Negotiating a Shared Understanding


Much of the work around negotiations right now is about bringing the background of the talks out into the open, which means that rather than guessing about each others’ preferences and techniques, partners use cultural dialogue to talk about how they are going to approach the negotiation.

This, of course, is preceded by the negotiating team members gaining familiarity with their own cultural preferences by taking their Cultural Orientations Indicator assessments. With awareness of their preferences, members of the negotiating team can conduct due diligence to learn about their partners’ preferences. For those negotiating with partners from other countries, the Cultural Navigator’s country guides have extensive information on the negotiation preferences and techniques of 56 nationalities. The Negotiating Across Cultures section also allows users to compare the negotiating techniques of two different countries side-by-side.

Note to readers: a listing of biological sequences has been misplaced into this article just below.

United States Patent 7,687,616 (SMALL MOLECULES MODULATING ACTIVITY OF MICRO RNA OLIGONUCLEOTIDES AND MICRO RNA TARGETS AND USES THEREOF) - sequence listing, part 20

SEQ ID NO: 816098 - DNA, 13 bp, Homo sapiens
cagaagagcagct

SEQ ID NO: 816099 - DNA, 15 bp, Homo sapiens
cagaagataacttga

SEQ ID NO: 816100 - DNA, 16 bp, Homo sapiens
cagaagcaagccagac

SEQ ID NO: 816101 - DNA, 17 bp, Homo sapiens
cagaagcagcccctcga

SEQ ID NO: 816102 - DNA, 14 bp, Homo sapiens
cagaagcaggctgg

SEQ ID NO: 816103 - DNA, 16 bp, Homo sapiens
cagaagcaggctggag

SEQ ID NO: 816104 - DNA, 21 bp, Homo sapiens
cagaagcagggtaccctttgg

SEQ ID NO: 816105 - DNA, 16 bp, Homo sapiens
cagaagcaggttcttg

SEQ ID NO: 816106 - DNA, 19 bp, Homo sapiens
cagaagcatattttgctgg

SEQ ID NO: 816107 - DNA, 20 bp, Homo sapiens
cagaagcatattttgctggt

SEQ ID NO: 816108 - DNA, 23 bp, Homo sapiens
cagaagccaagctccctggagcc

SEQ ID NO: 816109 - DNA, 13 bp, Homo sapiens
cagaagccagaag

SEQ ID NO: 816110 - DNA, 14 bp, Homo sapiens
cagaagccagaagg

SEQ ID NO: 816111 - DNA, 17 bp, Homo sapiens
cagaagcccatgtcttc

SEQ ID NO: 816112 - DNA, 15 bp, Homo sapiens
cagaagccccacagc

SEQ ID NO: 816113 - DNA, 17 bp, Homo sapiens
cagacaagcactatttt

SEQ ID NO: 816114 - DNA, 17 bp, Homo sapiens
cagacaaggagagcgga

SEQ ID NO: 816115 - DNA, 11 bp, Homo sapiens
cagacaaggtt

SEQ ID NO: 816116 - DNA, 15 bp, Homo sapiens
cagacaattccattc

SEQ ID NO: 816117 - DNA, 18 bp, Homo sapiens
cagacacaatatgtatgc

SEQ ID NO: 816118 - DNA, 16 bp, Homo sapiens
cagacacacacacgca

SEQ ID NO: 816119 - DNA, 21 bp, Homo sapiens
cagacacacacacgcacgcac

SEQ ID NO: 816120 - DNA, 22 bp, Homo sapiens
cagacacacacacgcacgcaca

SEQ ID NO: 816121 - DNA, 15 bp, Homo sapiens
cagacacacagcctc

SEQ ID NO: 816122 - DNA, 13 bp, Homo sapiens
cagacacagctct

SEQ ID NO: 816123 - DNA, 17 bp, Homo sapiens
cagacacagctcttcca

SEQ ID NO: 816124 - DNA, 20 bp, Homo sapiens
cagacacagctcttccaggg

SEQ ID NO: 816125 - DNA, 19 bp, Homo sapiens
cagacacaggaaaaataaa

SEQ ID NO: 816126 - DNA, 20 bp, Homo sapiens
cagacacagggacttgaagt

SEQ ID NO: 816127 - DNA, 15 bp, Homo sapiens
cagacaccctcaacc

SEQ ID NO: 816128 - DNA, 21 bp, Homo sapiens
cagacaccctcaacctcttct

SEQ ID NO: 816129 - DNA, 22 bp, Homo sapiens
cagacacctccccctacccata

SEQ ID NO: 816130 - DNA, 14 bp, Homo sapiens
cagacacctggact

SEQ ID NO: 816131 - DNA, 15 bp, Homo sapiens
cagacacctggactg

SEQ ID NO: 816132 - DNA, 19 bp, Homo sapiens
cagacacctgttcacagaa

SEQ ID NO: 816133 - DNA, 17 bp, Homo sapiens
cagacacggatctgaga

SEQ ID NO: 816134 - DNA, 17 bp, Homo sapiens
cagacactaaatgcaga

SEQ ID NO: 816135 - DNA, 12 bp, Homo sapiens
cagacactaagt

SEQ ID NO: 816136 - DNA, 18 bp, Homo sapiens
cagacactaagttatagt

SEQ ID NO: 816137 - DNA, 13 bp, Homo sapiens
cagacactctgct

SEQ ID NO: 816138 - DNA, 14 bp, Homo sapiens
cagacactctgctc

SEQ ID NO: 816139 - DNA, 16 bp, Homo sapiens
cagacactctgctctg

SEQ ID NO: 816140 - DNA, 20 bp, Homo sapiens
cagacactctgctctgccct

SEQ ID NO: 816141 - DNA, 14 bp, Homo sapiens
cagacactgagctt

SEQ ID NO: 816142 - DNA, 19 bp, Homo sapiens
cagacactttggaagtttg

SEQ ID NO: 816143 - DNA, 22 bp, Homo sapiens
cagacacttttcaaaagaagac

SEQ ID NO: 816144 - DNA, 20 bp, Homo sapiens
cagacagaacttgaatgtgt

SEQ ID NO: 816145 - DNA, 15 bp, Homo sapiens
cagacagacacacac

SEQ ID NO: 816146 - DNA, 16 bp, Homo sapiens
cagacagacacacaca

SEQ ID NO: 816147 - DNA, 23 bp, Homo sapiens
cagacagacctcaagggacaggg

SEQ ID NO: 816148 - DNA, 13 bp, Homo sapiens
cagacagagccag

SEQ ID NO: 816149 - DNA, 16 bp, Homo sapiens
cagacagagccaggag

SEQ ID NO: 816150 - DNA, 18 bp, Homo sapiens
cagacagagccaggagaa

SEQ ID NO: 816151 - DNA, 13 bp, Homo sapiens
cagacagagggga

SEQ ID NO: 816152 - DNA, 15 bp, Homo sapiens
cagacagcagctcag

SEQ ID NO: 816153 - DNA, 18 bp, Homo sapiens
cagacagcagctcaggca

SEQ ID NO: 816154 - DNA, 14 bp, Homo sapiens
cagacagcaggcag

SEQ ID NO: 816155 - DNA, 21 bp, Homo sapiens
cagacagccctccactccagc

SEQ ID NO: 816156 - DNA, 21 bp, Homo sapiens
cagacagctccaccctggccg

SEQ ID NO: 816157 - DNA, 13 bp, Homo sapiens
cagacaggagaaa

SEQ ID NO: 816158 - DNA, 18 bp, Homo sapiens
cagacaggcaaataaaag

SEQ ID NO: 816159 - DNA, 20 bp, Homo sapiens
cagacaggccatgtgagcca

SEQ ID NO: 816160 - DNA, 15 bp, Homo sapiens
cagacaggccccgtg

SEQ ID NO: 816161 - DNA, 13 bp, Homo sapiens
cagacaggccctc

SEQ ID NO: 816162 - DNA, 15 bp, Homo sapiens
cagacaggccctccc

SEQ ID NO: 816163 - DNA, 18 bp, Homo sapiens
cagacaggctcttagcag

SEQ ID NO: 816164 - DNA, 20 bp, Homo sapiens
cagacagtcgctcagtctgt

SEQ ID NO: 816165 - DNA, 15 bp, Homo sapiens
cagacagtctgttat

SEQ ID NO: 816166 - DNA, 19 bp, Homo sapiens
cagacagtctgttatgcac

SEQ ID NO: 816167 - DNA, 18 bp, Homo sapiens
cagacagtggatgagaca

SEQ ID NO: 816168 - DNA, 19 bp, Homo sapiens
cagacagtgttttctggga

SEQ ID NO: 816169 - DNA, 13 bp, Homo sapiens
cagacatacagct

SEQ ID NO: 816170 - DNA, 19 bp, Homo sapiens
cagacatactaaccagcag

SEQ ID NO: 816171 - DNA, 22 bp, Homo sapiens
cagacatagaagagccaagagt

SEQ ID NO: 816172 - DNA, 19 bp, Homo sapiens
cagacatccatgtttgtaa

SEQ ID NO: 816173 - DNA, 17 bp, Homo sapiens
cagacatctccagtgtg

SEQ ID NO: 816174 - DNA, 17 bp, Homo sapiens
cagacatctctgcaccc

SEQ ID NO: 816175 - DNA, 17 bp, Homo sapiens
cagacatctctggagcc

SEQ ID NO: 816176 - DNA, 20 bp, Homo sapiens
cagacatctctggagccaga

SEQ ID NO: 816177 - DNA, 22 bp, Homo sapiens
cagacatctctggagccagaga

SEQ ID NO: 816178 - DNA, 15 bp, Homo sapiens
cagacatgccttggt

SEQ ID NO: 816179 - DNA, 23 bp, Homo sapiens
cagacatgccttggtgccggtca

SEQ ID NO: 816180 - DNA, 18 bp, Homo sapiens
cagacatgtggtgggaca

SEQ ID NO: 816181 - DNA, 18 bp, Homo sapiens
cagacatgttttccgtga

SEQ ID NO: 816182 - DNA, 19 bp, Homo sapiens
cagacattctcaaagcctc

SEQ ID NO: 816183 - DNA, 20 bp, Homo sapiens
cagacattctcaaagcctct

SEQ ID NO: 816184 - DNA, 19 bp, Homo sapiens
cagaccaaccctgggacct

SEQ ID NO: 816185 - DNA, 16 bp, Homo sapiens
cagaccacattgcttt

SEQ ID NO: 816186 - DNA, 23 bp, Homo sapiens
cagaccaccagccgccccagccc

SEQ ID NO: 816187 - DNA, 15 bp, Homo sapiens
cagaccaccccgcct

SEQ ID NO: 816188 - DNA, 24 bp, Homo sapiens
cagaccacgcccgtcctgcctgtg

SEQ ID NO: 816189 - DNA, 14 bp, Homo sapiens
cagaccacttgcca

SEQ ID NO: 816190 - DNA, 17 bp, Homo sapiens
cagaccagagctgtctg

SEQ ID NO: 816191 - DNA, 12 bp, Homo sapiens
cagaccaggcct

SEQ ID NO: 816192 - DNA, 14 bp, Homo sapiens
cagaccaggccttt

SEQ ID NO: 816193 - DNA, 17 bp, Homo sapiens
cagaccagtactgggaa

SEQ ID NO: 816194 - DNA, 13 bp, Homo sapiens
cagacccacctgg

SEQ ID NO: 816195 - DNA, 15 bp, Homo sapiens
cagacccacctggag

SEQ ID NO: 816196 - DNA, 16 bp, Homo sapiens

Equipped with knowledge of their own preferences and those of their partners, the two sides in a negotiation can have a dialogue about how to best create a shared culture within which to communicate during the negotiations. The two sides discuss their preferences for approaching the talks, decide on which points to style switch, and create a shared culture to help facilitate the process. This helps them avoid any stumbling blocks or mishaps that could derail the negotiations.

Karen Walch